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Dinny Hall: A Shining Star

SEEN had the privilege recently, of hearing iconic jeweller Dinny Hall speak about her life and career in jewellery and design. She started off in the seventies when jewellery didn’t have the profile it has now, so in that sense she was very much a pioneer. She hung out with the cool musicians of the day: The Sex Pistols, the Damned and other punk rock royalty. She made jewellery for them and that was how she started, but she began to see that her design practice was going to have to change over time as there were pieces she made that were unique and idiosyncratic, made from non-precious materials that reflected the style of the wearer who had commissioned the piece. So she then started to make a more commercial range that sold out at Liberty’s, and thus the brand as we know it now was born.

Her ‘Chateleine’ collection is a delight. A lovely charm pendant consisting of a locket with stars, and stones in precious metals that can also be adapted in a moment to be a handbag charm. A larger bracelet is planned for the future. DInny Hall is, of course, the doyenne of hoops. The curve version is a classic and a design staple. She very much favours multiple hoops in decreasing sizes going up the ear, not an opinion you’d associate with her necessarily, had you not known of her early association with punk. She is also fascinated by the snake emblem and its origins in Thailand and Burma, valuing her experiences when she travels as it all feeds into her own practice.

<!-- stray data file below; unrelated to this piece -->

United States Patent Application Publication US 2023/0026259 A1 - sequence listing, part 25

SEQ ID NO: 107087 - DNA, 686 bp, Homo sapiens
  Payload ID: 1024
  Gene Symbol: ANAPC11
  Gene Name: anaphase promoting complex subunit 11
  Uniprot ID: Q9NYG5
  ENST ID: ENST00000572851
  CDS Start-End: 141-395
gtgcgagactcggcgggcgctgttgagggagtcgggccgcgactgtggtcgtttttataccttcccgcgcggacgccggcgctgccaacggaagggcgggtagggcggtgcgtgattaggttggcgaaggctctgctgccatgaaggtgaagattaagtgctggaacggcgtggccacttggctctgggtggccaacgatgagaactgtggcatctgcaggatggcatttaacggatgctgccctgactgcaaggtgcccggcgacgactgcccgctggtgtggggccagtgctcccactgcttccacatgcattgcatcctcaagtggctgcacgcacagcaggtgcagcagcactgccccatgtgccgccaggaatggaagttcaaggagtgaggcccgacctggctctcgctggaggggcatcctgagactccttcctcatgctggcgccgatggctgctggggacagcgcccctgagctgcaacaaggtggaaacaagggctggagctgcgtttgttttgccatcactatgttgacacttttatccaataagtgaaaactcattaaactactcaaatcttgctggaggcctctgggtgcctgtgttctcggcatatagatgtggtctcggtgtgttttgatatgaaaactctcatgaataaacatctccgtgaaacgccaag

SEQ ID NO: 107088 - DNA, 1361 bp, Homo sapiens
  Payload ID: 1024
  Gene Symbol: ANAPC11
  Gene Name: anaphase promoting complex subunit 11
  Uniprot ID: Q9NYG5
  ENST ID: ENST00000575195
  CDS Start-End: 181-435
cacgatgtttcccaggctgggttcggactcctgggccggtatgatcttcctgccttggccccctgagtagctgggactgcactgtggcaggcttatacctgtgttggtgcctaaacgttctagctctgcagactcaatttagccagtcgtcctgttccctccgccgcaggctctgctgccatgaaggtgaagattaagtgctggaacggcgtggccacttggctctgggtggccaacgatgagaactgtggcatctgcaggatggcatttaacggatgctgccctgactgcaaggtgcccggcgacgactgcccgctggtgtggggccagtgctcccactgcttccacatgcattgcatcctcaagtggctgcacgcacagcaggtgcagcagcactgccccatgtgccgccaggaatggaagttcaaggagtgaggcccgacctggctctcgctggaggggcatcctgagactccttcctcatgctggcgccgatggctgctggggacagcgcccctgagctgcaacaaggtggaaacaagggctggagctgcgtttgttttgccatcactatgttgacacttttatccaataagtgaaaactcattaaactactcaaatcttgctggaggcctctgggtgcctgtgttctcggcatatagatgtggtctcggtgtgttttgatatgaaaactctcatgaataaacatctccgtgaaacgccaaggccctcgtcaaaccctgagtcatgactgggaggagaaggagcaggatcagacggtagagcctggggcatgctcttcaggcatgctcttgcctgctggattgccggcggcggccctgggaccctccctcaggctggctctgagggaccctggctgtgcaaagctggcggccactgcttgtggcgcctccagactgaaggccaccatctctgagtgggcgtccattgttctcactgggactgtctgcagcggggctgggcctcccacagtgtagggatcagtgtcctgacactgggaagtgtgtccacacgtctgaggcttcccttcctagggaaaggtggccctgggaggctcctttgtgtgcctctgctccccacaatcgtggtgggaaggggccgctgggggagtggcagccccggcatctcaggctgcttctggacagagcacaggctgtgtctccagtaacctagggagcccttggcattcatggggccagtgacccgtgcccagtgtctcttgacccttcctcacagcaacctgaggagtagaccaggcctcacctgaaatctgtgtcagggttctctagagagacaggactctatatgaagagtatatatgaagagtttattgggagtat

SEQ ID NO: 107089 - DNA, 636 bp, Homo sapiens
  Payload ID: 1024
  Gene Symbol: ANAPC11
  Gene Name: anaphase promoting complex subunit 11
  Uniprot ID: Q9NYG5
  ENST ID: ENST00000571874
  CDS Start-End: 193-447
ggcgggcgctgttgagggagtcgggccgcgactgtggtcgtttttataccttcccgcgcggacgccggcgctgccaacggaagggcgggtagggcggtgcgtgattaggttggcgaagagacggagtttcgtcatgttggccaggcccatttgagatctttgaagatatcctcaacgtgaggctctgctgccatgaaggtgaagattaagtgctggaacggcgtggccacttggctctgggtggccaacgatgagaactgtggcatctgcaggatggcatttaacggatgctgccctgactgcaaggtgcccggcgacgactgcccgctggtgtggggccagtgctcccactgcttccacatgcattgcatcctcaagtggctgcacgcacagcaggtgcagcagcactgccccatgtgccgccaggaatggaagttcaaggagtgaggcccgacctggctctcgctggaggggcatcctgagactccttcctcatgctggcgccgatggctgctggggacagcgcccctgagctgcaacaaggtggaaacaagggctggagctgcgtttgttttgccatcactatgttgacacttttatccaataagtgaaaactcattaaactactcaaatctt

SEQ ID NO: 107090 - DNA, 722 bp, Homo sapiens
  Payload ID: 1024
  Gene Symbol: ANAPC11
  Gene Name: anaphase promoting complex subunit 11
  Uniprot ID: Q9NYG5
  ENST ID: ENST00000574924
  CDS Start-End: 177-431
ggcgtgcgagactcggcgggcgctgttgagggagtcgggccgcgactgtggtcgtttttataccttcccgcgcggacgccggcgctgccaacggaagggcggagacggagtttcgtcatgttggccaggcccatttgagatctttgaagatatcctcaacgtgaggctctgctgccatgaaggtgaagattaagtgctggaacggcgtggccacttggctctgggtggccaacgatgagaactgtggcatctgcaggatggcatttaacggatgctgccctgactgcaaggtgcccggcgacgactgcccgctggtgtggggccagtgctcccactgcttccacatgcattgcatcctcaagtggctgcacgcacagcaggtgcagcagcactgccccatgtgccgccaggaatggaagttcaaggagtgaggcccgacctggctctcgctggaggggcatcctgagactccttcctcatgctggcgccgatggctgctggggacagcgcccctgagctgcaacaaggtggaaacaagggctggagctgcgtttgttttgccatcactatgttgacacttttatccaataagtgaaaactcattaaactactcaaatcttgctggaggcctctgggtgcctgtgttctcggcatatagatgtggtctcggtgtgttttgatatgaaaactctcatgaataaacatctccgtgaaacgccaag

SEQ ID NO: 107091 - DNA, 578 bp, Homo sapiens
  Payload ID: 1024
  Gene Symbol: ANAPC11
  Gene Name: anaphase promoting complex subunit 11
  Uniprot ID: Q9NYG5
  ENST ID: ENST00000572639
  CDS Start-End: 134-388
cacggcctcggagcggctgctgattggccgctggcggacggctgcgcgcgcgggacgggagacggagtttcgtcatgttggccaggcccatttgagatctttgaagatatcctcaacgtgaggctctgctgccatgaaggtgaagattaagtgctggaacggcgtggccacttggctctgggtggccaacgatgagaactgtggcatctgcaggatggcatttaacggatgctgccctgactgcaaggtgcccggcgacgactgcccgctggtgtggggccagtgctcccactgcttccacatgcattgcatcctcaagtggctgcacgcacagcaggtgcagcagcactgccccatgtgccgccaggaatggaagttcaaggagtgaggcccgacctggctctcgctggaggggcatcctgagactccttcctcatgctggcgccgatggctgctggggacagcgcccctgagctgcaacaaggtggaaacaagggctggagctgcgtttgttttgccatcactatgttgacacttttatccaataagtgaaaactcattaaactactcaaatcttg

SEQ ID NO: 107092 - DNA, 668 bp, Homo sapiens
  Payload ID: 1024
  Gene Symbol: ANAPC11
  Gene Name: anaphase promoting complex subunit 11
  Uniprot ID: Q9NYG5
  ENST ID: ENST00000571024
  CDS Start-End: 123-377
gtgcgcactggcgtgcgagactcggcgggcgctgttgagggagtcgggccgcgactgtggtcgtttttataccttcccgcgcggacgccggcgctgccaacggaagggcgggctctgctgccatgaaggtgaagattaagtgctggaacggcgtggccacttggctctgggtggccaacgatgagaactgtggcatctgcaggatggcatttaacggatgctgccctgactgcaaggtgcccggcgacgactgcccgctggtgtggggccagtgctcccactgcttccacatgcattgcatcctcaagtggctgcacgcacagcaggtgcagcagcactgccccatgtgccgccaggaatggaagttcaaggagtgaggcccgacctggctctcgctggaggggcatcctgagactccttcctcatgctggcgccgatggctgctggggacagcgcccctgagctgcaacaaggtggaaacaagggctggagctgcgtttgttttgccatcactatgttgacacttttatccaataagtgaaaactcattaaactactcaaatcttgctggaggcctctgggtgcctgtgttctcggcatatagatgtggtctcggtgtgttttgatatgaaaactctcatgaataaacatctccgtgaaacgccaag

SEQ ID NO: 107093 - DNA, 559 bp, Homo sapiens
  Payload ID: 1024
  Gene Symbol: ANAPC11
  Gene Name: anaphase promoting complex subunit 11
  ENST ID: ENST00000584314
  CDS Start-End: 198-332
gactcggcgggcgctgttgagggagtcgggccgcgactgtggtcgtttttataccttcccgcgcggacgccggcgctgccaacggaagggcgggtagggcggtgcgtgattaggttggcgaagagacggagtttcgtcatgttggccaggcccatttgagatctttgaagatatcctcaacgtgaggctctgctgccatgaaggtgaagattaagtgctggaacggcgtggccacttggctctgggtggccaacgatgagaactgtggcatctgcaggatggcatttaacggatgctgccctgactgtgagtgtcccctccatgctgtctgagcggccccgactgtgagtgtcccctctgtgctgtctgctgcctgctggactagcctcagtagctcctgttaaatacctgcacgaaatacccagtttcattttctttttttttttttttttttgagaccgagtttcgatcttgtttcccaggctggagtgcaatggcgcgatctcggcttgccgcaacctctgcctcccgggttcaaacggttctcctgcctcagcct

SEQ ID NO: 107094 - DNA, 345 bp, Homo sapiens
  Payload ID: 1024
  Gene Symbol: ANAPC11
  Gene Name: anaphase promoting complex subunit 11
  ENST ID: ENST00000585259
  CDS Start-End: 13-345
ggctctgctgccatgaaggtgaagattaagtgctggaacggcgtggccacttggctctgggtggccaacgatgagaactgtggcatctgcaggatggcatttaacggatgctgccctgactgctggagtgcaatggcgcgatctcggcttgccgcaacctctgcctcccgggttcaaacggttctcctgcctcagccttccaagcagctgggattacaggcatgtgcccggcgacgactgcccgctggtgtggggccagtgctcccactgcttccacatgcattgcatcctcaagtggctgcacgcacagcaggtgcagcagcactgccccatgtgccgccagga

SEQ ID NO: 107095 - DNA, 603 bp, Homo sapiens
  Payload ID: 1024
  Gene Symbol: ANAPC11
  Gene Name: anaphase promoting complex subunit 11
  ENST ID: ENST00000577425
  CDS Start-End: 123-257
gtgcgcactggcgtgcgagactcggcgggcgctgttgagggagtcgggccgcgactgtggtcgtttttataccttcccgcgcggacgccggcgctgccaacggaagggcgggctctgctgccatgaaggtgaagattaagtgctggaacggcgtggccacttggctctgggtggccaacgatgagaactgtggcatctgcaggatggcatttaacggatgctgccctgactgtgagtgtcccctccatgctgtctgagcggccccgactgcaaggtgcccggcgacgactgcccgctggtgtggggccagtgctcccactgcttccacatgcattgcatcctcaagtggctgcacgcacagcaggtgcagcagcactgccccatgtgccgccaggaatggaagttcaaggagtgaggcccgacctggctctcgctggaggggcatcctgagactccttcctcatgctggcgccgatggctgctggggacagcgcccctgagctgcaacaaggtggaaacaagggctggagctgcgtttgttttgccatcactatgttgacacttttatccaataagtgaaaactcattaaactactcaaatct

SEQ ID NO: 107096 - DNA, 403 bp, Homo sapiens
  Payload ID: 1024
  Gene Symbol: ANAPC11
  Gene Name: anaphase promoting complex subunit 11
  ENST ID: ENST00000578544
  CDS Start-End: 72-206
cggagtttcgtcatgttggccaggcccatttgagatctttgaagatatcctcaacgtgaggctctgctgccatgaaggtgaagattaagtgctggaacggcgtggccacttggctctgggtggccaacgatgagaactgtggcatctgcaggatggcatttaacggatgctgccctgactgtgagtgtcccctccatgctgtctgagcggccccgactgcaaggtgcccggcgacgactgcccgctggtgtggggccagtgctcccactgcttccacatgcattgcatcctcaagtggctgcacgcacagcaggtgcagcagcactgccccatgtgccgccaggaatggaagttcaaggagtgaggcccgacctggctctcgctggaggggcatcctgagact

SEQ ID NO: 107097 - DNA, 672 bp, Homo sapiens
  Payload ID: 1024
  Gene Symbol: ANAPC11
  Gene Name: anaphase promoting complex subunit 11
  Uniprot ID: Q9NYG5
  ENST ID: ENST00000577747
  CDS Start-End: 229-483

There is something timeless about traditional jewellery techniques and SEEN imagines Dinny Hall’s own methods have hardly changed since she set up her bench in the Soho studio of milliner, Stephen Jones. There’s a new shop planned for Marylebone to join the branches already open in Seven Dials, Hampstead and Notting Hill. SEEN is saving up for a pair of hoops.

Dinny Hall
61 Monmouth Street